December 14, 2022S. Dieterich, et al.
We describe the flux calibrations of COS FUV cenwaves G130M/1055 and G130M/1096, known as the blue modes. These modes are the shortest wavelength modes available with HST at medium resolutions, covering 900A to 1,240A at spectral resolutions up to 13,000. A new flat field image used by both cenwaves was derived along with new sensitivity curves for each cenwave based on observations of the flux standard WD-0308-565. Comparison with the CALSPEC model spectrum of WD-0308-565 shows that the residuals of the flux calibration improved from as much as 30% to less than 1%, well within the 5% requirement. We further validate the new calibration by comparing the blue modes spectrum of WD-0308-565 to the overlapping portions of spectra taken at cenwaves G140L/800, G140L/1280, and G130M/1222. The new calibration was delivered to CRDS on 2021 February 22.
October 25, 2022E. Frazer and R. Plesha
A new COS/FUV lamp template reference file (LAMPTAB) for Lifetime Position 3 (LP3) was delivered for use in the COS calibration pipeline in April 2018. The LAMPTAB file contains reference spectra used during the wavelength calibration of COS/FUV spectroscopic data. The LP3 lamp spectra data were obtained in Program 14856 in October 2016 as a part of the improved wavelength calibration effort. In this ISR, we document the data analysis techniques used for the creation of the LP3 LAMPTAB file, as well as our testing procedures.
September 30, 2022T. Fischer, et al.
Between March and June of 2021, exploratory focus sweeps in preparation for Lifetime Position 6 (LP6) were performed across three previously unvisited positions at +7, +9, and +11 arcsec on the COS/FUV detector with the G130M and G160M gratings through HST Program 16491. The focus sweeps were performed on the subdwarf B star Feige 48 at a range of focus settings. An auto-correlation technique was used to find the minimal line widths of absorption lines and therefore find the optimal focus for each setting. The final, absolute focus values for G130M/1222 are −967, −908, and −897 steps, and for G160M/1600 are +78, +219, and +267 steps at the +7, +9, and +11 arcsec positions, respectively.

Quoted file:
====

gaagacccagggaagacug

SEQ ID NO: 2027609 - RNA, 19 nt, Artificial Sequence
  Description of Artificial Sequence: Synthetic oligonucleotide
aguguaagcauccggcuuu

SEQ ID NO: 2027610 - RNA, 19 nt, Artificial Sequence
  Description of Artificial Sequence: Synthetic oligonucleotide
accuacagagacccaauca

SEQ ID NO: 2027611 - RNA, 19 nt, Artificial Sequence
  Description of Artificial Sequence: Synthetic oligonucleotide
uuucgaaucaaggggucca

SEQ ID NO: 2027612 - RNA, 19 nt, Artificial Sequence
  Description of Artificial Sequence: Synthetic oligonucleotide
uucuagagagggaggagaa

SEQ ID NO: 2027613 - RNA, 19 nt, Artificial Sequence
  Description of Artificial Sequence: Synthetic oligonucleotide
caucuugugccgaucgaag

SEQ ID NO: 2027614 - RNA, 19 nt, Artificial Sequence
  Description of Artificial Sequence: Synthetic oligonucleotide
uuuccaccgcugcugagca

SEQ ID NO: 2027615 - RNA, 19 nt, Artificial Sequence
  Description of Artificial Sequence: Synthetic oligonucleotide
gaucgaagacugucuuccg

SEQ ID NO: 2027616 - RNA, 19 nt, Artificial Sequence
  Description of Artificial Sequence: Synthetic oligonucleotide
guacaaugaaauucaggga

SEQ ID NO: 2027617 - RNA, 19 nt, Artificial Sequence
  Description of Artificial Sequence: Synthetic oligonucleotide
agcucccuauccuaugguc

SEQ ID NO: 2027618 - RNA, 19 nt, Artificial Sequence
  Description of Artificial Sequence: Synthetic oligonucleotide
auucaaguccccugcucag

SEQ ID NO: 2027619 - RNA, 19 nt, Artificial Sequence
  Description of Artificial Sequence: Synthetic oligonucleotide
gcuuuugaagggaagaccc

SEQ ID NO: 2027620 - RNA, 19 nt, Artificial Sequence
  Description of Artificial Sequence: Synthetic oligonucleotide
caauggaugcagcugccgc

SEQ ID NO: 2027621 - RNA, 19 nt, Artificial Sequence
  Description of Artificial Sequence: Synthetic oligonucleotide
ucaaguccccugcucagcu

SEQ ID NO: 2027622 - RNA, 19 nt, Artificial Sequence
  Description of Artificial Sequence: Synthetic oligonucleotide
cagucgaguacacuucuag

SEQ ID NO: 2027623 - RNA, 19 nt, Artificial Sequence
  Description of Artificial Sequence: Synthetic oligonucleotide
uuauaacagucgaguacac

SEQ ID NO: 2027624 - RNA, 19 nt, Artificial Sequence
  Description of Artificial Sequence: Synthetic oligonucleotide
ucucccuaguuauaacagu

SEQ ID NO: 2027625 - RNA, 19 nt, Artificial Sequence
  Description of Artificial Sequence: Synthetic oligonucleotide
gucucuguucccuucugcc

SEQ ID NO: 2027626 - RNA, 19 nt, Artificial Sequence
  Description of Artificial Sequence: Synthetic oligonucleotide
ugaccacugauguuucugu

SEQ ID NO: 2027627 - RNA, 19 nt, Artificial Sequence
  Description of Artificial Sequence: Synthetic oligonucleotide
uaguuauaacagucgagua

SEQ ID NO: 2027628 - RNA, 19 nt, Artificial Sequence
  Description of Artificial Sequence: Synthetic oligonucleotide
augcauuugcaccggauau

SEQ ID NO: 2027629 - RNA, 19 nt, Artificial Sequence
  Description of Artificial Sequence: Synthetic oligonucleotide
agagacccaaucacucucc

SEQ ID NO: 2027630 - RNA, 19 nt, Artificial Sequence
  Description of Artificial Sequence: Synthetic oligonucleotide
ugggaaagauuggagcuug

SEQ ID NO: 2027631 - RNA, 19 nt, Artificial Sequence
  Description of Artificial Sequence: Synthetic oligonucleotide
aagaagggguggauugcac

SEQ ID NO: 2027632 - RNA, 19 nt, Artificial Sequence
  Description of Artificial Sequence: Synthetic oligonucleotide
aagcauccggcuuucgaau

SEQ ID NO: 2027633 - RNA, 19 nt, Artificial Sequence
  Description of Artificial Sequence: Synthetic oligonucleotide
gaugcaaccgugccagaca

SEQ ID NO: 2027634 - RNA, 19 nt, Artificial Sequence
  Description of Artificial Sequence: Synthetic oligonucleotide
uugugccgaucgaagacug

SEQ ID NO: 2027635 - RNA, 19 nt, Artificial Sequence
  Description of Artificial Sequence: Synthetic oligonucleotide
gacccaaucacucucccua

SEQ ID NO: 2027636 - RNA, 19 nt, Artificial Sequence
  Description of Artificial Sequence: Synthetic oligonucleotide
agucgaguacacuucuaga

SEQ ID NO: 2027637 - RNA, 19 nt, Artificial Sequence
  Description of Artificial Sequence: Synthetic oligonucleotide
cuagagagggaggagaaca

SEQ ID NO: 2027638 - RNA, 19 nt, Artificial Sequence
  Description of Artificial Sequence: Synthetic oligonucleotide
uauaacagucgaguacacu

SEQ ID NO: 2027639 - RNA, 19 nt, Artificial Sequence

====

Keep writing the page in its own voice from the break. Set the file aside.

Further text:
September 27, 2022W. Fischer
We report on the monitoring of the zero points of the COS NUV dispersion solutions during Cycle 28 in program 16330. Select cenwaves were monitored for all NUV gratings except for G285M, which is no longer monitored due to its Available-but-Unsupported status. Comparisons to COS monitoring data obtained in previous cycles indicate internal stability within the allowed ranges of zero points. Comparisons to STIS data indicate small but persistent COS offsets of 1 – 3 pixels toward shorter wavelengths. The cause of this is not yet well understood. The March 2022 delivery of a new NUV DISPTAB with a revised zero point for stripe B of the G230L/2950 cenwave reduced this discrepancy for that setting.
September 27, 2022W. Fischer
We report on the monitoring of the zero points of the COS FUV dispersion solutions during Cycle 28 in program 16325. Select cenwaves were monitored for all FUV gratings. Comparisons to COS monitoring data obtained in previous cycles indicate internal stability within the allowed ranges. Comparisons to FUSE and STIS data indicate satisfactory absolute calibration. All measured offsets are within the established thresholds of 3 pixels for the G130M and G160M cenwaves and 9 pixels for the G140L cenwaves, except for Segment B of the G160M/1623 cenwave, which is slightly outside the specification at −3.8 pixels.
September 06, 2022W. J. Fischer
Observations of HST spectrophotometric standard stars show that the COS NUV detector has a time-dependent sensitivity (TDS) that must be monitored and accounted for in flux calibration. Regular observations monitor the changes in sensitivity for three NUV gratings: G230L, G185M, and G225M. Because the sensitivity of the fourth grating, G285M, has become very low, it was removed from the routine monitoring program, and it is now available but unsupported for General Observer programs. Results from the Cycle 28 NUV TDS program show that the G230L and G185M gratings, which are coated in MgF2, exhibit trends consistent with little or no change. On the other hand, the G225M grating, which is bare aluminum, shows a sensitivity decline of −2.85% ± 0.18% per year.